- Continued economic uncertainty – further monetary intervention, possibly through yield curve control – limits Treasury yields and the US dollar continues to weaken, while investor sentiment towards gold strengthens.
- Hawkish Fed – despite having adjusted its inflation target, the Federal Reserve (Fed) behaves hawkish and Treasury yields rise substantially, the US dollar appreciates back to where it was in June 2020 and inflation remains way below target. As US dollar debasement fears recede, positioning in gold futures declines.
Consensus has adjusted to the Federal Reserve’s new inflation targeting regime, where the central bank looks at average inflation and thus will let inflation rise above 2% to compensate for periods when it has been below.
Consensus is looking for interest rates to remain on hold for more than a year. Indeed, the Fed’s dot plots indicate that policy interest rates will remain on hold until 2023.
Consensus expects inflation to rise substantially above 2%, hitting 2.6% in the middle of 2021. In part that reflects rising energy costs after sharp declines earlier in 2020. But even core (PCE) inflation is expected to pick up from 1.4% currently to 2.0% in Q2 2021, indicating a more broad-based increase in prices.
Over the forecast horizon, the market expects 10-year Treasury yields to more than double from the 0.50% low reached in August 2020. That in part reflects the rising indebtedness of the US government. Spending on COVID-19 stimulus could rise beyond the US$900bn package just approved if the Trump Administration can convince Republicans to approve his proposal before he leaves the Whitehouse (which is unlikely, but not a zero-probability event). It does not appear that consensus is pricing in any Yield Curve Control here. The yield on Treasury inflation protected securities (TIPS) remains negative and very low at -1.03%. The widening differentials between real and nominal Treasury yields indicate higher inflation expectations.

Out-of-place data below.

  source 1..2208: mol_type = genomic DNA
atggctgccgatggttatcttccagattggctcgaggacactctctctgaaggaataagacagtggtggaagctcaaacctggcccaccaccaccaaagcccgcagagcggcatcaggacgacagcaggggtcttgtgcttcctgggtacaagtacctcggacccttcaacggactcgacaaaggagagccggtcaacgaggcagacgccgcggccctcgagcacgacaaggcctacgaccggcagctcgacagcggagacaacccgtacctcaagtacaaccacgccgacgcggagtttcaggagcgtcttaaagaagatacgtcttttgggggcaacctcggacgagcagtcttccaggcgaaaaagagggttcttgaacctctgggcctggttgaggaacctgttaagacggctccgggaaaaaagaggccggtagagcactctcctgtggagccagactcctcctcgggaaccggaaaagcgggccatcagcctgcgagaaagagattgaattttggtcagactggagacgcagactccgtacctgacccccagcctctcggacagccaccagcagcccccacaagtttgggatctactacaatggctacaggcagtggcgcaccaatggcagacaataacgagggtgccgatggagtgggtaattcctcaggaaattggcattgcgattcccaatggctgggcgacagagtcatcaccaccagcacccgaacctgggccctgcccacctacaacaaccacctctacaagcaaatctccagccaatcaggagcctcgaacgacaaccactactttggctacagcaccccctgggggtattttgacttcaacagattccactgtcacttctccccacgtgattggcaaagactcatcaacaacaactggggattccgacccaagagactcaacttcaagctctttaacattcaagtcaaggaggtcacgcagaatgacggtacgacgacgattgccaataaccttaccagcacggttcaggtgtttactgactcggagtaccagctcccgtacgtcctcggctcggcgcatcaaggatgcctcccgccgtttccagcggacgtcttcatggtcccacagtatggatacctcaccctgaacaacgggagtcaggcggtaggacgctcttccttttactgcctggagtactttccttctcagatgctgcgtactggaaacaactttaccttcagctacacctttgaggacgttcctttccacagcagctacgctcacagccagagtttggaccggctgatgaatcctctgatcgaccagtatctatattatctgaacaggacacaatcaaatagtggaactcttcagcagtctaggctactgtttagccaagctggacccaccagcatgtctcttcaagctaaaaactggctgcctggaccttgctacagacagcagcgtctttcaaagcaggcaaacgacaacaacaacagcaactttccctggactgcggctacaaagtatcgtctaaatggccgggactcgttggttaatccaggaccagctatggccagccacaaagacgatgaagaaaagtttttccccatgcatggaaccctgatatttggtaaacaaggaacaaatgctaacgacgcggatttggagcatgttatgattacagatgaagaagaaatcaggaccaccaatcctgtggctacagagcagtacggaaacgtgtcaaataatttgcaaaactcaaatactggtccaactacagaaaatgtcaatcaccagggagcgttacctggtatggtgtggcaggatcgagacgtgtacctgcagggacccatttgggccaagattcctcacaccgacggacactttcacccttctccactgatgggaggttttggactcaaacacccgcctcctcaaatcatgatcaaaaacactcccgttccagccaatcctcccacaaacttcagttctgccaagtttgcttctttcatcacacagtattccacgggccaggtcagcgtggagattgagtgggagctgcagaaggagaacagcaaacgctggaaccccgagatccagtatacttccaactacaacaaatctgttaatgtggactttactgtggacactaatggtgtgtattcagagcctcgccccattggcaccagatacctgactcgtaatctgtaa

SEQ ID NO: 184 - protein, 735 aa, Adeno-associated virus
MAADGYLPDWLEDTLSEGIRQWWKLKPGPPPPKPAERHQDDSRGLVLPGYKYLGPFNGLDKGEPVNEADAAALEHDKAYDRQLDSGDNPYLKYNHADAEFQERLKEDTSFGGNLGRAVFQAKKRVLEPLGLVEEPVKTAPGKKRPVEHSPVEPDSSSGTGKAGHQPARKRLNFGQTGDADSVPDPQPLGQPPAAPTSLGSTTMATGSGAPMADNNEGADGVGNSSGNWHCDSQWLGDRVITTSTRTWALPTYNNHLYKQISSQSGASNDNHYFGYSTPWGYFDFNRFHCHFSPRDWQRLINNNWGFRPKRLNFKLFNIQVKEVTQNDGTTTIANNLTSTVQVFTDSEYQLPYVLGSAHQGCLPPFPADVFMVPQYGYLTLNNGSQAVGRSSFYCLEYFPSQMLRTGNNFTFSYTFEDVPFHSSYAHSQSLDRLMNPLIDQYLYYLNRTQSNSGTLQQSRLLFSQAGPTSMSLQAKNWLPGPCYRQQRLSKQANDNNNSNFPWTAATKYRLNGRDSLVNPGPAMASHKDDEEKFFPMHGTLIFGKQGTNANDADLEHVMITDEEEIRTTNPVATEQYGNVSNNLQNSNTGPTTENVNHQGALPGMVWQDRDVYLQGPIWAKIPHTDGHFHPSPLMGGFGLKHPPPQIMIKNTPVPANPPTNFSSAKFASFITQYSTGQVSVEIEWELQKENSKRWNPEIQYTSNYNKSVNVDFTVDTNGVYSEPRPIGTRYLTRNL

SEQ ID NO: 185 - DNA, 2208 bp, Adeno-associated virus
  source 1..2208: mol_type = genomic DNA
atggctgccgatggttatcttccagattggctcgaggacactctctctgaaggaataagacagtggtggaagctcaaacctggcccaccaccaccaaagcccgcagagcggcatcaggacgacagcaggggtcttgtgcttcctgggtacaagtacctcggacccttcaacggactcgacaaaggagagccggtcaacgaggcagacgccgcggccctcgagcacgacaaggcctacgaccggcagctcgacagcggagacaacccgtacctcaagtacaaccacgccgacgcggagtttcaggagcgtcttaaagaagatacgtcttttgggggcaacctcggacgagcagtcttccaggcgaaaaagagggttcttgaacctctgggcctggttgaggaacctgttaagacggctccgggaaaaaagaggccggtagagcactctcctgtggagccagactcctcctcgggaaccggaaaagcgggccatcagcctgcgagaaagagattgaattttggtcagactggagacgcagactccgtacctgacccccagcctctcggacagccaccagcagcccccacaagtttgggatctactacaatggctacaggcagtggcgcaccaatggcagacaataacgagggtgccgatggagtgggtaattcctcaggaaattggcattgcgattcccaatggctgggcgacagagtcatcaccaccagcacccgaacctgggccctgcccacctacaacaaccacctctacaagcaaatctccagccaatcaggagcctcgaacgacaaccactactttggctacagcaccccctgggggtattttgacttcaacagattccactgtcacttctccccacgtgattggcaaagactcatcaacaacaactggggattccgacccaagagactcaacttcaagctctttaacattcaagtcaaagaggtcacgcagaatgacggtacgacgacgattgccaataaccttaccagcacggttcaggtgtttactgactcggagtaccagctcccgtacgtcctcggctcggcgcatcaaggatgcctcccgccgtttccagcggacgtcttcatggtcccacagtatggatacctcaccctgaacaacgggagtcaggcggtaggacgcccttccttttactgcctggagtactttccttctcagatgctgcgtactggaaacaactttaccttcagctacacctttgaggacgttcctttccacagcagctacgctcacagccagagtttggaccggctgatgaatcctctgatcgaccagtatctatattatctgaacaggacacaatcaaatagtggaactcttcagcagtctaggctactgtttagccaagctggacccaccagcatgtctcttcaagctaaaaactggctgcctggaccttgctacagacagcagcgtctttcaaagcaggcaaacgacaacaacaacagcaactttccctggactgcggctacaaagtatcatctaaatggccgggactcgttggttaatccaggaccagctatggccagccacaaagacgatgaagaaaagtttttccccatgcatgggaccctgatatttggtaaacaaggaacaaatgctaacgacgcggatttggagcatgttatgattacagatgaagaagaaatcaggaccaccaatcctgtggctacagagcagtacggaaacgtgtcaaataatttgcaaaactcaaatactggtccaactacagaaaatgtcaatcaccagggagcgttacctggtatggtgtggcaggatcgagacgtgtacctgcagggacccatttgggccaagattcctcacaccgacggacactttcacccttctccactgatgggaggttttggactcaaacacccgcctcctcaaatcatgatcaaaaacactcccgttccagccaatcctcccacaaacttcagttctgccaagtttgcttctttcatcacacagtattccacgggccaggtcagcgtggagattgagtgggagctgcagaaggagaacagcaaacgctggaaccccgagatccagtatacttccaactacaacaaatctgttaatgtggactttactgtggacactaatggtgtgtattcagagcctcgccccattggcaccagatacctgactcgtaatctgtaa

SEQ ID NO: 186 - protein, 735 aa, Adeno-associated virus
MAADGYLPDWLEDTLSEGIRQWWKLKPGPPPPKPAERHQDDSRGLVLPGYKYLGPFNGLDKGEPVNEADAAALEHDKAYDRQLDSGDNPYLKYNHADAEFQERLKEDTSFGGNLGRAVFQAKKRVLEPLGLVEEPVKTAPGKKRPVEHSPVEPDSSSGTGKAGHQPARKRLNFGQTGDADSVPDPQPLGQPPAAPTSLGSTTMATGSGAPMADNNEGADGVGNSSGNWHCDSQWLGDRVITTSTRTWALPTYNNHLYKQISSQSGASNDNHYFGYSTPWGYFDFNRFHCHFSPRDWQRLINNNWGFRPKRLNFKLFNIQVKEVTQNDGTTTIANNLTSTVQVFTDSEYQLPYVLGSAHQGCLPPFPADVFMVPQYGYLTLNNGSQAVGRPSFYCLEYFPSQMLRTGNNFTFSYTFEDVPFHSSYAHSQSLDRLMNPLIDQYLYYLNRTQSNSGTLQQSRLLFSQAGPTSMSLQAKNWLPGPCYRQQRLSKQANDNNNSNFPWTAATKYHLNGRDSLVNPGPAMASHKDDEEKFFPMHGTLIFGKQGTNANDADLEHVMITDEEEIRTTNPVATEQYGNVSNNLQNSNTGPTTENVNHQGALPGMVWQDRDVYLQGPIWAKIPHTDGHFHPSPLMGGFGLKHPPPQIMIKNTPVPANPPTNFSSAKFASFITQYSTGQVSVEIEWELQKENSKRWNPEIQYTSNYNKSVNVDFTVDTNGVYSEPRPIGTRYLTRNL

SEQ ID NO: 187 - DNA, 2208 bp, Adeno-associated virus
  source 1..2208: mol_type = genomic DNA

Even though consensus is expecting rising Treasury yields in a market of flat policy interest rates, consensus expects US dollar depreciation to continue. This divergence between the US dollar and Treasuries is consistent with rising indebtedness concerns.
In the consensus case, we leave positioning in gold futures roughly where they are today (250k contracts net long) and so we are not pricing in any further bullishness for the metal in the scenario. Early in 2020 positioning peaked close to 400k contracts net long.
In this scenario, gold could rise to US$2130/oz, thus breaking a fresh high, surpassing the US$2075/oz level reached in August 2020.
Continued economic uncertainty